Academics find early draft of scene from Schnitzler’s Dream Story in which doctor is punished for attending masked ball orgy

It was one of the most risque passages in European fiction when it was published in 1925, and still flushed cheeks when Nicole Kidman and Tom Cruise starred in Stanley Kubrick’s adaptation at the turn of the millennium.

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DC is not kidding around with Hanna-Barbera reworkings for adults

https://www.theguardian.com/tv-and-radio/tv-and-radioplay episode download
18 January, by David Barnett[ —]

If recasting Snagglepuss as a gay playwright in the 50s or putting Wacky Races in a Mad Max-esque fight sounds unlikely, it’s only the latest – suprisingly successful – reinvention from the comics giant

Heavens to Murgatroyd! Who could have thought that Snagglepuss, that bright pink mountain lion beloved of Saturday morning cartoon shows would one day be reimagined as a gay playwright in the 1950s in a serious, adult comic book? Or, for that matter, that such a reinvention would work?

DC Comics has embarked on the curious little experiment and, in Hanna-Barbera Beyond, given old characters a contemporary makeover. The scheme has seen Wacky Raceland drop Dick Dastardly, the Anthill Mob and the rest into a Mad Max-esque fight for survival in a postapocalyptic wasteland; the Flintstones remade into a satirical poke at the American Dream and Scooby-Doo rebooted as a “smart dog” with an implant that allows him rudimentary communication skills in a near-future where a paranormal Armageddon has unleashed the undead on the world.

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Elena Ferrante to become Guardian Weekend's new columnist

https://www.theguardian.com/books/fiction-in-translationplay episode download
18 January, by Sian Cain[ —]

Author of bestselling Neapolitan novels says she was keen to test herself with the ‘bold, anxious exercise’ of writing regular pieces for the magazine

Elena Ferrante, the bestselling Italian novelist of the highly acclaimed Neapolitan series, is to write her first ever regular newspaper column, in the Guardian.

The pseudonymous author’s return to writing, a year after an investigative journalist controversially claimed to have revealed her real identity, will be welcomed by fans anxious to see her next move. Ferrante has always said that her anonymity was important to her work, freeing her from the “anxiety of notoriety”.

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Her Body & Other Parties by Carmen Maria Machado review – powerful debut collection

18 January, by Justine Jordan[ —]
Horror, science fiction and fairytale merge in these short stories from a writer of rare daring

“How much to get that extra stitch?” the narrator’s husband asks in the labour room as his wife is sewn up after a difficult birth. “You offer that, right?” “The husband stitch” – the term for an extra stitch to tighten the vaginal opening when repairing an episiotomy – is considered a dark joke from the battlefield of birth, but has been attested to as part of the violence visited on women’s bodies during labour. It’s also the title of the standout story in Carmen Maria Machado’s debut collection, a finalist in last year’s US National Book awards: a tense, seductive fairytale about rumour and silence, sex and power, autonomy and being ignored.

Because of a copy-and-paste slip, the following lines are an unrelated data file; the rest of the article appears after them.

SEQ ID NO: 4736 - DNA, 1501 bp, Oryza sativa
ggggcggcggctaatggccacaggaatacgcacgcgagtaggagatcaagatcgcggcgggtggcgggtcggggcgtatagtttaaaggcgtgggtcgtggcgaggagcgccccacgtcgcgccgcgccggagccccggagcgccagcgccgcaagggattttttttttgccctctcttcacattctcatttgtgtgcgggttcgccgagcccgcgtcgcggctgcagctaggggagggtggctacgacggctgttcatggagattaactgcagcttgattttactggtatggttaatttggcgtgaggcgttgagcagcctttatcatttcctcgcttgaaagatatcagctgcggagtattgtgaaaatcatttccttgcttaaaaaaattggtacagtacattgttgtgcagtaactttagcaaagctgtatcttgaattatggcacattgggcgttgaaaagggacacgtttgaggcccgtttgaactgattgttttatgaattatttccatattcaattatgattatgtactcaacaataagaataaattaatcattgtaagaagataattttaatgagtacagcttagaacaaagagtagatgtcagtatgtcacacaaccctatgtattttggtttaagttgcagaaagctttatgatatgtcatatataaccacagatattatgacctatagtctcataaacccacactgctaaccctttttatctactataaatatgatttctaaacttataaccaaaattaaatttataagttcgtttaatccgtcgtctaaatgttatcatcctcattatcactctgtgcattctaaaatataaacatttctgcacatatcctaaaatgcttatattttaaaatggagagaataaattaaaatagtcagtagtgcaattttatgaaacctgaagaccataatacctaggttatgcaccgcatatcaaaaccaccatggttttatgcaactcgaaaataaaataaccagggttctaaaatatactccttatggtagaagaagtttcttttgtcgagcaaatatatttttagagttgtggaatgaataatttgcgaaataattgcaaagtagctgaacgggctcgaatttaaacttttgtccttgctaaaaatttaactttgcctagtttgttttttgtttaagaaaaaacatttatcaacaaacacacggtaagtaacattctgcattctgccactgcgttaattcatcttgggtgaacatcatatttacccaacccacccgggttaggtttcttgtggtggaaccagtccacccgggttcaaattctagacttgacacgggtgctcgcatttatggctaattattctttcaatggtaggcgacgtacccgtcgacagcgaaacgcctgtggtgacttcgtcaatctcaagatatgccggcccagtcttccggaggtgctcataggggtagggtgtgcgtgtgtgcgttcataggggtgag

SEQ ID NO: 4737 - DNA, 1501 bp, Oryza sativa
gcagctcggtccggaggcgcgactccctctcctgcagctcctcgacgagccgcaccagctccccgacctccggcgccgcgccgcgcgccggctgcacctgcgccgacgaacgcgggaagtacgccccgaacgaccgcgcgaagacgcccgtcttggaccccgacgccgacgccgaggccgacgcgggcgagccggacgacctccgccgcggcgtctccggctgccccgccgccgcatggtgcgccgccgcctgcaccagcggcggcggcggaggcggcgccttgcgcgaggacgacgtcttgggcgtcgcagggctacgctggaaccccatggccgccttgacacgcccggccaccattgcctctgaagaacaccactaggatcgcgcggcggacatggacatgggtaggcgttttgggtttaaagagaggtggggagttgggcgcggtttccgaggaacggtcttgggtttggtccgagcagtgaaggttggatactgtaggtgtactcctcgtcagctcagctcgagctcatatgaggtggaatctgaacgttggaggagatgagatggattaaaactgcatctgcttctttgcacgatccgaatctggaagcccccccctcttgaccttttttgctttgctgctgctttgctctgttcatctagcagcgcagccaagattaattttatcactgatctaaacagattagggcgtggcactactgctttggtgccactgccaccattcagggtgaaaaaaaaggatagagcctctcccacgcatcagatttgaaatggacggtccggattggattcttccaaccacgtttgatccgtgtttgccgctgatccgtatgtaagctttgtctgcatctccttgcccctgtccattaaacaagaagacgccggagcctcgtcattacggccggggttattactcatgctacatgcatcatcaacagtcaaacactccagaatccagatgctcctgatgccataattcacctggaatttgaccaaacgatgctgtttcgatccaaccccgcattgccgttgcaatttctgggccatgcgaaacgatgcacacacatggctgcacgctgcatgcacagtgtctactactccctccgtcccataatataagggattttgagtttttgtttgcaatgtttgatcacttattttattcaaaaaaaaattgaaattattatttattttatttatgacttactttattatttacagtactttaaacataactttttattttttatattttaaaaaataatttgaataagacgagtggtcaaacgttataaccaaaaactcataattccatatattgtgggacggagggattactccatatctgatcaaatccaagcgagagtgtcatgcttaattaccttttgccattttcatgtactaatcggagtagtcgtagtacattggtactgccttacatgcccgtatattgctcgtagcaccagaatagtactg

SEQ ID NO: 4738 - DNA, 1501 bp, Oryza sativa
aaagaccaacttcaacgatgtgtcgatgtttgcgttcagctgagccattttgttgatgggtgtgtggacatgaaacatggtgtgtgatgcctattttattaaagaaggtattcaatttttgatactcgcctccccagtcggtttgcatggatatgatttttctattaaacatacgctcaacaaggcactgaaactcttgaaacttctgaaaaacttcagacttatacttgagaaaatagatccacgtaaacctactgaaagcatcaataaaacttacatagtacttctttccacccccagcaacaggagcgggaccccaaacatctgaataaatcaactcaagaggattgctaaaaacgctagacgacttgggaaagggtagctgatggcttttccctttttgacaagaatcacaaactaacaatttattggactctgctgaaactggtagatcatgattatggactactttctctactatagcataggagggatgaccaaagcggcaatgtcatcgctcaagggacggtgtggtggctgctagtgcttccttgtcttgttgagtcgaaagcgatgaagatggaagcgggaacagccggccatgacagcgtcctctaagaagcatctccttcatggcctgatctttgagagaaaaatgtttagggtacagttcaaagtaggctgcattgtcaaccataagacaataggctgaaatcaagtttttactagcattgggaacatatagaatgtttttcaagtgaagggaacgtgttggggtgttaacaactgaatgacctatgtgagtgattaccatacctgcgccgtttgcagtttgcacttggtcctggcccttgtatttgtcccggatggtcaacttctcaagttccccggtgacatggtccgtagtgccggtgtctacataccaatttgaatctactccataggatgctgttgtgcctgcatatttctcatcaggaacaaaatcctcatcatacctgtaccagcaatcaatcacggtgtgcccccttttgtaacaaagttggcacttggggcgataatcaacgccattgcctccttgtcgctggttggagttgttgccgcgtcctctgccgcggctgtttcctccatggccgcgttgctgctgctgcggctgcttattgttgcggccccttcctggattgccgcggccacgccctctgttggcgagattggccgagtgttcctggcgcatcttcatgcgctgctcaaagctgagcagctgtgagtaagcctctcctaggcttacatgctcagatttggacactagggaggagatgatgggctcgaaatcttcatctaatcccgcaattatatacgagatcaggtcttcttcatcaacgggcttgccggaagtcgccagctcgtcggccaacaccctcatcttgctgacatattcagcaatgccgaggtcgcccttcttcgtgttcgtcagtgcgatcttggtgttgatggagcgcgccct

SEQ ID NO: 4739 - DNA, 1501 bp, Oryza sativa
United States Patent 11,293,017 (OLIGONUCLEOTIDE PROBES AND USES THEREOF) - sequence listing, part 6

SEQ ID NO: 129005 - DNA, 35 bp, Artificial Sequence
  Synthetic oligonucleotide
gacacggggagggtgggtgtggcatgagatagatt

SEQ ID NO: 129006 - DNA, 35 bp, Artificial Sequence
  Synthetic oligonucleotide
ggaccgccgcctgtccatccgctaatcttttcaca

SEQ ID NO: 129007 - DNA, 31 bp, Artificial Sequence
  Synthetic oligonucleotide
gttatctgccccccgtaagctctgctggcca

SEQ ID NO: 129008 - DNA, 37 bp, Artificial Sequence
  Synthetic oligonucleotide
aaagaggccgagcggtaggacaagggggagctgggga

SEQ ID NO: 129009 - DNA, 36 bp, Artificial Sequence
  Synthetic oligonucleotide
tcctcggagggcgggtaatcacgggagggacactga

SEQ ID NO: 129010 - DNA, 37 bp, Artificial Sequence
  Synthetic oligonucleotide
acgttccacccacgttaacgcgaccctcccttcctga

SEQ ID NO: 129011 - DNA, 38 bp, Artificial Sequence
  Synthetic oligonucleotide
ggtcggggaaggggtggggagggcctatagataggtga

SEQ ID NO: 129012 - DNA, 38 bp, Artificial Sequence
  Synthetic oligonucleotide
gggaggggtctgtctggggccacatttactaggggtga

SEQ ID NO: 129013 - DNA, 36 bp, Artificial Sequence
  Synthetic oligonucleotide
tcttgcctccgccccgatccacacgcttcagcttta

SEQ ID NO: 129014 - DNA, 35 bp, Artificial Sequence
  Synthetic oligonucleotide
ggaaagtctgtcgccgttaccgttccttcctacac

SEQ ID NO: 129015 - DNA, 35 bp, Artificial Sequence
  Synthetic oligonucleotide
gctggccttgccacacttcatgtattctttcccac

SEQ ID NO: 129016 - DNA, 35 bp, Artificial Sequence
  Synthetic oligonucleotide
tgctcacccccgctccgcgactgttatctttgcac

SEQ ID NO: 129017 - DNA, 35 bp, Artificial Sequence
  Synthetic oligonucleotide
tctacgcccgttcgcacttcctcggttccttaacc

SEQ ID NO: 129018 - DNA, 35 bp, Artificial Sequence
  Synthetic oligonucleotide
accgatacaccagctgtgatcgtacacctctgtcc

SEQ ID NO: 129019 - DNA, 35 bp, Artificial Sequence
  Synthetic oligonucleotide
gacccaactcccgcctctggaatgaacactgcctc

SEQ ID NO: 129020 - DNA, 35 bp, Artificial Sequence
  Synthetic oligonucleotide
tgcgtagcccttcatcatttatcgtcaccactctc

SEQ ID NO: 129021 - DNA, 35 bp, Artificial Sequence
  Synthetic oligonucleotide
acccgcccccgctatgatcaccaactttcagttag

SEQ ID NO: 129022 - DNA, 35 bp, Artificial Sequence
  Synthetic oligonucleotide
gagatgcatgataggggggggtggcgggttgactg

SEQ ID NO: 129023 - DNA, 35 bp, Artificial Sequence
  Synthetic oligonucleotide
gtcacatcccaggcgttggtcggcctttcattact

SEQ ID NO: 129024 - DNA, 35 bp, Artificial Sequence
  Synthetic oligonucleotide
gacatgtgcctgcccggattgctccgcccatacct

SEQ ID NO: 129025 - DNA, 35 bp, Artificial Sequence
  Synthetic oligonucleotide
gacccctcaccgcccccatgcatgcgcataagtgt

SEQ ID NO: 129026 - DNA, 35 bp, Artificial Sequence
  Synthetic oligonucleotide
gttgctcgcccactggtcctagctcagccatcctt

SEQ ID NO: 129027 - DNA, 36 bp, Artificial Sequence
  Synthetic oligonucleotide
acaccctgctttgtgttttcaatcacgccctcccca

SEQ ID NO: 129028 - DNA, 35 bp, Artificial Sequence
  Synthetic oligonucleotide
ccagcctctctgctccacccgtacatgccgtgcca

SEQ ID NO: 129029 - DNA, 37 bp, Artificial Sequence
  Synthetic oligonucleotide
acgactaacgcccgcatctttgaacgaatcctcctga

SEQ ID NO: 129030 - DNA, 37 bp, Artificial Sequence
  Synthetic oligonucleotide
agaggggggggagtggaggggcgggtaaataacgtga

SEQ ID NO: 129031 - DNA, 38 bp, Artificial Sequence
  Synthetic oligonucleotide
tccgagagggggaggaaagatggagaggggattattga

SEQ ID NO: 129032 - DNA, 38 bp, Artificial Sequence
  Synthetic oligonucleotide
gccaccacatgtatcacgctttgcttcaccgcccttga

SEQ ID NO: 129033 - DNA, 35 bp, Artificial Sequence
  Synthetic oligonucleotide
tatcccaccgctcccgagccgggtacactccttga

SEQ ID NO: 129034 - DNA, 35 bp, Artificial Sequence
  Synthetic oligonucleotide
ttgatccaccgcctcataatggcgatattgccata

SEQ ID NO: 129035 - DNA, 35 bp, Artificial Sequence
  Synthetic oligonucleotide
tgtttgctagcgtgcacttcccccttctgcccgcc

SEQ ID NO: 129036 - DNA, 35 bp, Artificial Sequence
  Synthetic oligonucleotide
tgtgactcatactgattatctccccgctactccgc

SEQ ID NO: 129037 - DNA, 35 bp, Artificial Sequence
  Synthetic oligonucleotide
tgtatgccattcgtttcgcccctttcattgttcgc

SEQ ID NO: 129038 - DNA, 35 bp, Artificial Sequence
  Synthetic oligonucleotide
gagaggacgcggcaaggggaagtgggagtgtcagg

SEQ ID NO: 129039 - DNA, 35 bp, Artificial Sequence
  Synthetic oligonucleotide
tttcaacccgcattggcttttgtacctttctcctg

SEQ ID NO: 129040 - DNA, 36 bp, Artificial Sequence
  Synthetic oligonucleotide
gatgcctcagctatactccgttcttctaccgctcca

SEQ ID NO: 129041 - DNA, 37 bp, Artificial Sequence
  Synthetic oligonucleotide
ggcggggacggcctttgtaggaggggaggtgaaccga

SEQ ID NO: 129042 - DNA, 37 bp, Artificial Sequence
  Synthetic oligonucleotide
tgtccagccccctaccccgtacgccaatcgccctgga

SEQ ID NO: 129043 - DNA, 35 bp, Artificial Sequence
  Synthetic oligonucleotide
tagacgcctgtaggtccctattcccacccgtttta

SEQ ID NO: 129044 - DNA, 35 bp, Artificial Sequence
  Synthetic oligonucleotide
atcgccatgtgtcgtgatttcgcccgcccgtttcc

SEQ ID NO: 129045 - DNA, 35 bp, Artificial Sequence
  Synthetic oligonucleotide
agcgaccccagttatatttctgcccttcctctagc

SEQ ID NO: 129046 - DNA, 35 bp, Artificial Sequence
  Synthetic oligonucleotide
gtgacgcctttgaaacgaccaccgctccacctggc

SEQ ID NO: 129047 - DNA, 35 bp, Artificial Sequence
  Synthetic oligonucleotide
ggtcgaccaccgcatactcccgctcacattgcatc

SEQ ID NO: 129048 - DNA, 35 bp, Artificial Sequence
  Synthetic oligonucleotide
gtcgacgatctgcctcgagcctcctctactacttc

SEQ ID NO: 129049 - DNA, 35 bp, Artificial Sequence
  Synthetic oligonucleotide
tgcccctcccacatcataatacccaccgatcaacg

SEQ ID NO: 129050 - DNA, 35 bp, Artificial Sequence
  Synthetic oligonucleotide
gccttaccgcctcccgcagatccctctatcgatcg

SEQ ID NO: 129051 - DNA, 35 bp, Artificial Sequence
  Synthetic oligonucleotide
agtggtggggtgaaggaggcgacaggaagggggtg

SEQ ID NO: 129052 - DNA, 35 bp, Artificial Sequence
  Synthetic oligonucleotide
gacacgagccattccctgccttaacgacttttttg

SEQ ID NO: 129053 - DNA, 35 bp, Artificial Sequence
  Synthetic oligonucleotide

The narrator begins as a bold girl in the tradition of Angela Carter: “This isn’t how things are done, but this is how I am going to do them ... It is not normal that a girl teaches her boy, but I am only showing him what I want, what plays on the inside of my eyelids as I fall asleep.” She takes this young man as her husband, offering him her whole self – all except the mystery of what lies beneath the green ribbon tied in a bow around her throat. “Why do you want to hide it from me?” he asks. “I’m not hiding it,” she replies. “It just isn’t yours.” The ribbon becomes a locus for desire, aggression, control; their child had accepted it as part of his mother, but when he sees the father’s angry attempts to pull at the ends must also be warned away. “Something is lost between us, and I never find it again.” There is only one possible ending: just as Chekhov’s gun must be fired, this ribbon must eventually be untied.

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12 Rules for Life by Jordan B Peterson review – a self-help book from a culture warrior

18 January, by Hari Kunzru[ —]
The psychologist and internet celebrity with contentious views on gender, political correctness, good and evil, offers hectoring advice on how to live

The Canadian clinical psychologist Jordan B Peterson has, in recent years, become an internet celebrity, producing a slew of videos and interviews on all manner of political and social topics. He is acerbic, combative and openly contemptuous of his opponents, particularly Marxists and “Postmodernists”, for whom he harbours a special animus. He is an enthusiastic and prolific culture warrior, who has no truck with “white privilege”, “cultural appropriation” and a range of other ideas associated with social justice movements. His reluctance to call transgender people by their preferred pronouns (unless they ask him to) has earned him a reputation as a transphobe, and while his views have marginalised him within the academic community, they have bolstered his reputation in conservative circles.

Related: You are only ever as happy as your unhappiest child